COVINGTON — Newton County Board of Education members received a firsthand look at preliminary designs for the new Eastside High School campus at their May 14 meeting.
Ray Moore, an architect with Cunningham, Forehand Matthews & Moore Architects Inc., and Michael Barr, NCSS chief of operations, discussed construction plans with members and addressed their concerns.
The preliminary plans propose that:
♦ The campus will have a boulevard coming straight off Ga. Highway 142 with the buses having their own lane and teachers, students and visitors using a separate lane. The school site is near the intersection of U.S. Highway 278 and Ga. Highway 142.
♦ The building will have a primary capacity of 1,650 students, but with the optional future additions of two pods that will be able to accommodate 2,500 students.
♦ The entryway will be “dramatic” and “one-of-a-kind” and will require people to pass through a security vestibule before entering the main area.
♦ The main commons area will allow access to the administration offices, food services, auditorium and gym, also allowing the classroom wing to be closed off to keep visitors from roaming.
One detail that some board members were not accustomed to was the idea that the atrium and the cafeteria will be a shared space.
“I just wonder if that will be enough space since one complaint at the current campus is that the lunch area is crowded,” said BOE member Abigail Coggins.
Barr said that school administrators felt having a shared space will allow for better security measures.
“It will be able to sit a third of a 2,500-student population,” said Moore.
“It’ll be like eating in the mall,” said member Trey Bailey, jokingly.
The classrooms and core of the building (media center, fine arts, CTAE, administration, special education) will be to the left of the commons area, and the gym and all sporting activities will be on the right.
The fine arts wing will have space allowing for band, ensemble, chorus, storage, drama classrooms, practice rooms and direct access to the theatre and parking lot for band travels.
The theatre/auditorium will seat up to 736, with a ticket booth located in the commons area.
Parallel to the fine arts wing will be the CTAE wing with an agriculture lab and classroom, food and nutrition lab, a robotics lab and a tech lab. The agriculture lab will have direct access to a greenhouse.
On the right side of the main entry will be a “two-story” gymnasium with a track above and a gym floor with retractable bleachers that will accommodate 2,500 people. There will be four locker rooms, a training room, ROTC changing rooms, wrestling area, and an auxiliary gym on the floor level. This level will also allow access to the exterior sporting fields.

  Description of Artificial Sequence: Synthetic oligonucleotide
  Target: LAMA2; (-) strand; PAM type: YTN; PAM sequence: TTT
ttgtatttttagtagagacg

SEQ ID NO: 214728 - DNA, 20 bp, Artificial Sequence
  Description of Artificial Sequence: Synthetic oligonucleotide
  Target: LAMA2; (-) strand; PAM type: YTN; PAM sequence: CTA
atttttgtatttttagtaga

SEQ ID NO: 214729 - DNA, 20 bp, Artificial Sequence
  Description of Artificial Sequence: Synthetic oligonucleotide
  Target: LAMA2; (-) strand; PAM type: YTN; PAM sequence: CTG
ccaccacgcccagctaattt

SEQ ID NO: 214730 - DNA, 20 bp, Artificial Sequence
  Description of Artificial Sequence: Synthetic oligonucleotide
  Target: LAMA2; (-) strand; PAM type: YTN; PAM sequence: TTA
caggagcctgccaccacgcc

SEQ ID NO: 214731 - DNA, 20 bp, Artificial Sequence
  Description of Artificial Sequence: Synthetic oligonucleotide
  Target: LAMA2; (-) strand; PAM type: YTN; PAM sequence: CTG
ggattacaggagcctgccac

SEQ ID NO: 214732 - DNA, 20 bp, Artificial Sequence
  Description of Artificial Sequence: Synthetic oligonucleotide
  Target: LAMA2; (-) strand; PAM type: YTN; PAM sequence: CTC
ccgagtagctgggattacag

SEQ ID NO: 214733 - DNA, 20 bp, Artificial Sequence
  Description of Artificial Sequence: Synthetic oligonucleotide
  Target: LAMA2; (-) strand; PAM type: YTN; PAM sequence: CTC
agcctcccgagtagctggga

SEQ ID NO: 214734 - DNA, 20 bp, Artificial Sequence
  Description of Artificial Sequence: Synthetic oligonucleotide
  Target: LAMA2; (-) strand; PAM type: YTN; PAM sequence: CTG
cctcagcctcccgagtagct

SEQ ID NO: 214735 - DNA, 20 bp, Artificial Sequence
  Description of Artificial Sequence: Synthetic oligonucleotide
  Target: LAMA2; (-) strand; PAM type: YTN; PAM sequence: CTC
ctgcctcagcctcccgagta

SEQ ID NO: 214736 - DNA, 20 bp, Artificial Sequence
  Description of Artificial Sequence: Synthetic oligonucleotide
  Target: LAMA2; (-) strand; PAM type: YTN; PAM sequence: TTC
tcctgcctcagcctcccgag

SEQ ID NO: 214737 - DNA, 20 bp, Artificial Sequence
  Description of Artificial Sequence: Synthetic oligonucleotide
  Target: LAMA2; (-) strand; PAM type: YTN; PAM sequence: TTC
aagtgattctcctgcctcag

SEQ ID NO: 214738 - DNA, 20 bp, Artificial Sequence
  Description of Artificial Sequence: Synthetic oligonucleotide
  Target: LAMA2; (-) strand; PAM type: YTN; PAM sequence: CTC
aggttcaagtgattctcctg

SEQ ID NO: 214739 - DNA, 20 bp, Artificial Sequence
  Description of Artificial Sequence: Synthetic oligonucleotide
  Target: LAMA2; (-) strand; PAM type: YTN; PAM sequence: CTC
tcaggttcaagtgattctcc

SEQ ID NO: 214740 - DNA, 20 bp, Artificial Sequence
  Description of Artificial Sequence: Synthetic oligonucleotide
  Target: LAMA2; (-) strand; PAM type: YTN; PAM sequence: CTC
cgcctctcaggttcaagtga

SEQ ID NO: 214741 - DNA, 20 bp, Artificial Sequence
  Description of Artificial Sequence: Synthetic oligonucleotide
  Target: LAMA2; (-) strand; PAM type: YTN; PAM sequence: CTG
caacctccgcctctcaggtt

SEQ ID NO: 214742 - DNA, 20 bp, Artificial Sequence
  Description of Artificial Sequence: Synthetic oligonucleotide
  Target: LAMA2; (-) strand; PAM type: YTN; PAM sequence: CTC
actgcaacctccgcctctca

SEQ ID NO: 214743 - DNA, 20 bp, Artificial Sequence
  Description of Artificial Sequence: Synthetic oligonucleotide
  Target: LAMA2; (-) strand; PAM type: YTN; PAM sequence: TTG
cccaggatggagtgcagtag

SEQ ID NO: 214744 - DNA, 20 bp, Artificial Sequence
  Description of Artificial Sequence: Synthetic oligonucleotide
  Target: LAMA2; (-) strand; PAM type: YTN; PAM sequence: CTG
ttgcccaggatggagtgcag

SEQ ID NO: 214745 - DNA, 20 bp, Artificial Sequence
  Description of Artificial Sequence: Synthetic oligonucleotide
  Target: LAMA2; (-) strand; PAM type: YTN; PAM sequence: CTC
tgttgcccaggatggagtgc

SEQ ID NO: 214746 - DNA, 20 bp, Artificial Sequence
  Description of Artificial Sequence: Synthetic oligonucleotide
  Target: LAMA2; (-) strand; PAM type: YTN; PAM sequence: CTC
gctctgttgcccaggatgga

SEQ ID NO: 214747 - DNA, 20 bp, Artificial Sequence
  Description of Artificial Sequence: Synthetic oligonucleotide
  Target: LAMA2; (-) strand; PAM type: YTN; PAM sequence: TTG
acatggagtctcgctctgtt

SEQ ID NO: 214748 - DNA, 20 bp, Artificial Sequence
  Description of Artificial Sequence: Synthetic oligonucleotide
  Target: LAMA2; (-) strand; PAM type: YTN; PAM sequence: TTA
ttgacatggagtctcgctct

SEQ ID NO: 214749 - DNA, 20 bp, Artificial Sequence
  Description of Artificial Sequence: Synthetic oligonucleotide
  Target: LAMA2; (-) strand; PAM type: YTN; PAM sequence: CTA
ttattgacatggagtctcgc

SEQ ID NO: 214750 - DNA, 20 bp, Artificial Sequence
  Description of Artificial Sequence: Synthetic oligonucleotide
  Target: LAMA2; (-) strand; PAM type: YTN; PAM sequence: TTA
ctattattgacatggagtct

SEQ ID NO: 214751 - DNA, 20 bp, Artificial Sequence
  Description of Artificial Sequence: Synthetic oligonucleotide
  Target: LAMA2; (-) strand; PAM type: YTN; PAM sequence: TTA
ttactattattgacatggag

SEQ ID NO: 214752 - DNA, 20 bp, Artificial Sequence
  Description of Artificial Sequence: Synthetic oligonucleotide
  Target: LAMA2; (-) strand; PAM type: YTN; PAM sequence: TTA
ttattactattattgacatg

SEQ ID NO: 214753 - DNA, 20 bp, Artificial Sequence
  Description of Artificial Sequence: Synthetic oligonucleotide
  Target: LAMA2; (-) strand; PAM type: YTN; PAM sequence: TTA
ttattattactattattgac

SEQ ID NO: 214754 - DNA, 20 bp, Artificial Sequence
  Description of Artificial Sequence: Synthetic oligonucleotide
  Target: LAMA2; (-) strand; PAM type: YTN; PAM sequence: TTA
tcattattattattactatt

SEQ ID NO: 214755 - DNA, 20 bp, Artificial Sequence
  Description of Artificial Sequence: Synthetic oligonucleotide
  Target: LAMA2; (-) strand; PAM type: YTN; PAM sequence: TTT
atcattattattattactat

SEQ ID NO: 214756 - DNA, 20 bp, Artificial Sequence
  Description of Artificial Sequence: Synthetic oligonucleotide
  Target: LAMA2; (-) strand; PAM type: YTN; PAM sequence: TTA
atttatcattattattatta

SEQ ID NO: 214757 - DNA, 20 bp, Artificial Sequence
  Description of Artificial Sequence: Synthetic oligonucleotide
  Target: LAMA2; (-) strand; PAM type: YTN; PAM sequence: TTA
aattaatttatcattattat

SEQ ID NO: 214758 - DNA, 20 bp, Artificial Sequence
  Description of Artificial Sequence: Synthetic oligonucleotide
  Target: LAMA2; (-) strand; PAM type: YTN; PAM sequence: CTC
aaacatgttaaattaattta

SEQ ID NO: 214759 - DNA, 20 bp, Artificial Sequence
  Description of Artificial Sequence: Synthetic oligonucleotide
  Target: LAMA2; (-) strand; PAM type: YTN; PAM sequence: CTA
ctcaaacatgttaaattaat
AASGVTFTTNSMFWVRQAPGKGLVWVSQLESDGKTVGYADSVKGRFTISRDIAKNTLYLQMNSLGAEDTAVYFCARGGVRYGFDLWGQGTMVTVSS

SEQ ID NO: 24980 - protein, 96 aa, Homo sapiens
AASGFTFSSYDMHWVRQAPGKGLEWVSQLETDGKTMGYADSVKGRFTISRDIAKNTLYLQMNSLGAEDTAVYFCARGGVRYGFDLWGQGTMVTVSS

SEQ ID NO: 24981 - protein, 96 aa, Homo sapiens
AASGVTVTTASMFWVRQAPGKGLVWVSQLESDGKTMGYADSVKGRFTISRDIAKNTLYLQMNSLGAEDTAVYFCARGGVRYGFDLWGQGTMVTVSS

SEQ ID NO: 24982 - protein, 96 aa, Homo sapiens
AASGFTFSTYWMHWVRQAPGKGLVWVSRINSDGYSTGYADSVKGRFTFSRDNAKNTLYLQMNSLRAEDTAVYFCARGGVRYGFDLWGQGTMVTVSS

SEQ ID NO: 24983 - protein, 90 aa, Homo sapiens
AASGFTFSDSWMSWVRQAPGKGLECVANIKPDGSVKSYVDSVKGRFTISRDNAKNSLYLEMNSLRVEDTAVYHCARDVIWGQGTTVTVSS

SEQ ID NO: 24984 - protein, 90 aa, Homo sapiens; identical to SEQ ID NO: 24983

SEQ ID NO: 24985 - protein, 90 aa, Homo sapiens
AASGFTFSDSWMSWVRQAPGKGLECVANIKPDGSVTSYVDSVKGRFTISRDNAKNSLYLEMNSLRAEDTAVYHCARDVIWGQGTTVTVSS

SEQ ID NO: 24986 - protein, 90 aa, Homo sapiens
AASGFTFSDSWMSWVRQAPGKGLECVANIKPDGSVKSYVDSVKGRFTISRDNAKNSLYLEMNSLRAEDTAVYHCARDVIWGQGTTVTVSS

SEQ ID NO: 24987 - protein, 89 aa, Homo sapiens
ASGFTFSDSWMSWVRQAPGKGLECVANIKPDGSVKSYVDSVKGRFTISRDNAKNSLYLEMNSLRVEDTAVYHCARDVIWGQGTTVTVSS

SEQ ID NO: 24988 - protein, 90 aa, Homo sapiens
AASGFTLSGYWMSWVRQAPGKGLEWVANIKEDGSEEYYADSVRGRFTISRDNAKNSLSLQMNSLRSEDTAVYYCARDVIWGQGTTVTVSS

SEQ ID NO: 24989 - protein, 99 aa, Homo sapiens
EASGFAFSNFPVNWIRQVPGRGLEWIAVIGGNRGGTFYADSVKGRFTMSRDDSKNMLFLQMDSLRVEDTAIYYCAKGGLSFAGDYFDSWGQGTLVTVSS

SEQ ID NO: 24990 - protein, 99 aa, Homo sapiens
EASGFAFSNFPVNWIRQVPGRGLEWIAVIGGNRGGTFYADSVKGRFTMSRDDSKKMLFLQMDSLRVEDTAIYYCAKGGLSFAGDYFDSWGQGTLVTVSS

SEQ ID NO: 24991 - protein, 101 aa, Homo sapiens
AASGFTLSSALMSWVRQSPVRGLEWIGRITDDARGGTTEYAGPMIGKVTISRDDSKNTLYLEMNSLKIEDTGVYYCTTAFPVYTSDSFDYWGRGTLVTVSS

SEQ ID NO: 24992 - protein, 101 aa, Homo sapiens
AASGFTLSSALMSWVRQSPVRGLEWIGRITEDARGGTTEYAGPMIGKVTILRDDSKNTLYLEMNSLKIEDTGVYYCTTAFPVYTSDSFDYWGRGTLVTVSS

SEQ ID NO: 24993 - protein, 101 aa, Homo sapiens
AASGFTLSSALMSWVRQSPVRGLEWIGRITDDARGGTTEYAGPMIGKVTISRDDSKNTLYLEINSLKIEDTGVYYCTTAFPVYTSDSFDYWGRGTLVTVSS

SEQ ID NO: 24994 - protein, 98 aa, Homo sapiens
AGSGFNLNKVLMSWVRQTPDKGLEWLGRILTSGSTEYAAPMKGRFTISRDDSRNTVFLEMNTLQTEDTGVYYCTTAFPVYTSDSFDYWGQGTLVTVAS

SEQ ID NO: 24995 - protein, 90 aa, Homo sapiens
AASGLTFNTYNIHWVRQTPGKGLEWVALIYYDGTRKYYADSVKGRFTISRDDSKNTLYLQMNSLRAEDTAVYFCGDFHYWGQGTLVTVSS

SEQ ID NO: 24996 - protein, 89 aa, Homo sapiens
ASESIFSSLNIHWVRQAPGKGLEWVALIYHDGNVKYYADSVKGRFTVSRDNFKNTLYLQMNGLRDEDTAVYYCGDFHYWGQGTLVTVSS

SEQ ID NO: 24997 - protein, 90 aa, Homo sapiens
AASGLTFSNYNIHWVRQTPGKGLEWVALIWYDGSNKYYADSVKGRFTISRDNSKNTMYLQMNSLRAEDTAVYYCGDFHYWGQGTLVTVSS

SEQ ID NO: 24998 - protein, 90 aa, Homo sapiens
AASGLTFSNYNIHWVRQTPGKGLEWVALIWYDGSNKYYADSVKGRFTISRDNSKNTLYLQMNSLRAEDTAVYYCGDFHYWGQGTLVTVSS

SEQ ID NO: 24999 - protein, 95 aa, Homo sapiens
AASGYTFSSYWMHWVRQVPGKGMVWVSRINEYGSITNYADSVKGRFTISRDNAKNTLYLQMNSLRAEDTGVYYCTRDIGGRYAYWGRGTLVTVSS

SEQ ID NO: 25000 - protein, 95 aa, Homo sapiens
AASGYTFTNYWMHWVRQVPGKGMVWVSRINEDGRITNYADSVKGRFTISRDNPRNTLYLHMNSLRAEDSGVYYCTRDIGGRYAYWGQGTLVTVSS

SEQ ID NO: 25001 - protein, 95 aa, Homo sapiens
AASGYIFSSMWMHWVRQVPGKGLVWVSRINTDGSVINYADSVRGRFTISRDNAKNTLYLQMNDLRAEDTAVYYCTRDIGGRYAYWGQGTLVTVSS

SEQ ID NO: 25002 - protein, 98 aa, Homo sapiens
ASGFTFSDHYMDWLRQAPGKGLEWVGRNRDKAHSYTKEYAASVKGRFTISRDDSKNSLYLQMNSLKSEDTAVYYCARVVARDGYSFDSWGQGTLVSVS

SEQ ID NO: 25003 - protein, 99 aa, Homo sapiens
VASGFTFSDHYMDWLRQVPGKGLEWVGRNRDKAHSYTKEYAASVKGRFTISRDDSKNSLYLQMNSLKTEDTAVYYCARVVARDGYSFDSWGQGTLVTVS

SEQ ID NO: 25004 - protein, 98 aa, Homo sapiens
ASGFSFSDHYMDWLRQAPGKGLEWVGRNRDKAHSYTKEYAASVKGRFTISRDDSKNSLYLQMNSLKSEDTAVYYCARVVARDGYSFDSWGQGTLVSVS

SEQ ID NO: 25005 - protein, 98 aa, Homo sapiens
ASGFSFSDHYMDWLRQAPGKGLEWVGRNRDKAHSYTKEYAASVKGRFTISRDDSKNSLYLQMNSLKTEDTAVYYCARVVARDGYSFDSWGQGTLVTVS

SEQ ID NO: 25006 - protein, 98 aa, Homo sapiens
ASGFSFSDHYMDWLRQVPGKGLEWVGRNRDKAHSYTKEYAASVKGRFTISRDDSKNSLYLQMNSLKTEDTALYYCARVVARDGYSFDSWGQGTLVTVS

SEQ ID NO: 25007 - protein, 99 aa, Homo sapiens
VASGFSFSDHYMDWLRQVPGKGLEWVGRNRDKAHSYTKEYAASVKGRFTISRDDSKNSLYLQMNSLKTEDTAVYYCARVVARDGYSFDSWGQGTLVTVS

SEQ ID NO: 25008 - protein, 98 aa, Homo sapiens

Outside space has been designed to include a practice soccer field, baseball field, softball field, tennis courts and a football field with enough space for a potential field house, concession stand, a home stadium and visitor bleachers.
Barr said that having a concentrated area for sporting events was recommended by school administrators.
Similar to Alcovy’s parking lot design, the teacher and visitor parking will be in the front of the school and student parking will be along the back, both open to sports-related visitors.
“I’m going to let you know I think this is an issue, “ said BOE Chairwoman Shakila Henderson-Baker. “The lack of parking spaces and accessibility are my biggest concerns. With the likelihood of games happening simultaneously, I think more designated space will be needed.”
“Looking at the presentation, parking does look a little far off, but it is fairly close,” said Moore.
Coggins asked if it were possible to redesign the layout of the tennis courts to allow for closer parking, even if it were just a few spaces.
Moore explained that the student parking lot has direct access and there are an additional 40-50 parking spaces for coaches and other sports personnel.
In spite of being built on 107 acres, the campus has been compressed and expanding parking further is limited due to a required water basin, property lines along Highway 142 and the location of the small cemetery near student parking. The cemetery will be fenced, gated and marked.
“Finding an efficient amount of acreage is difficult,” said Henderson-Baker.
Overall, the campus will not be visible from the highway.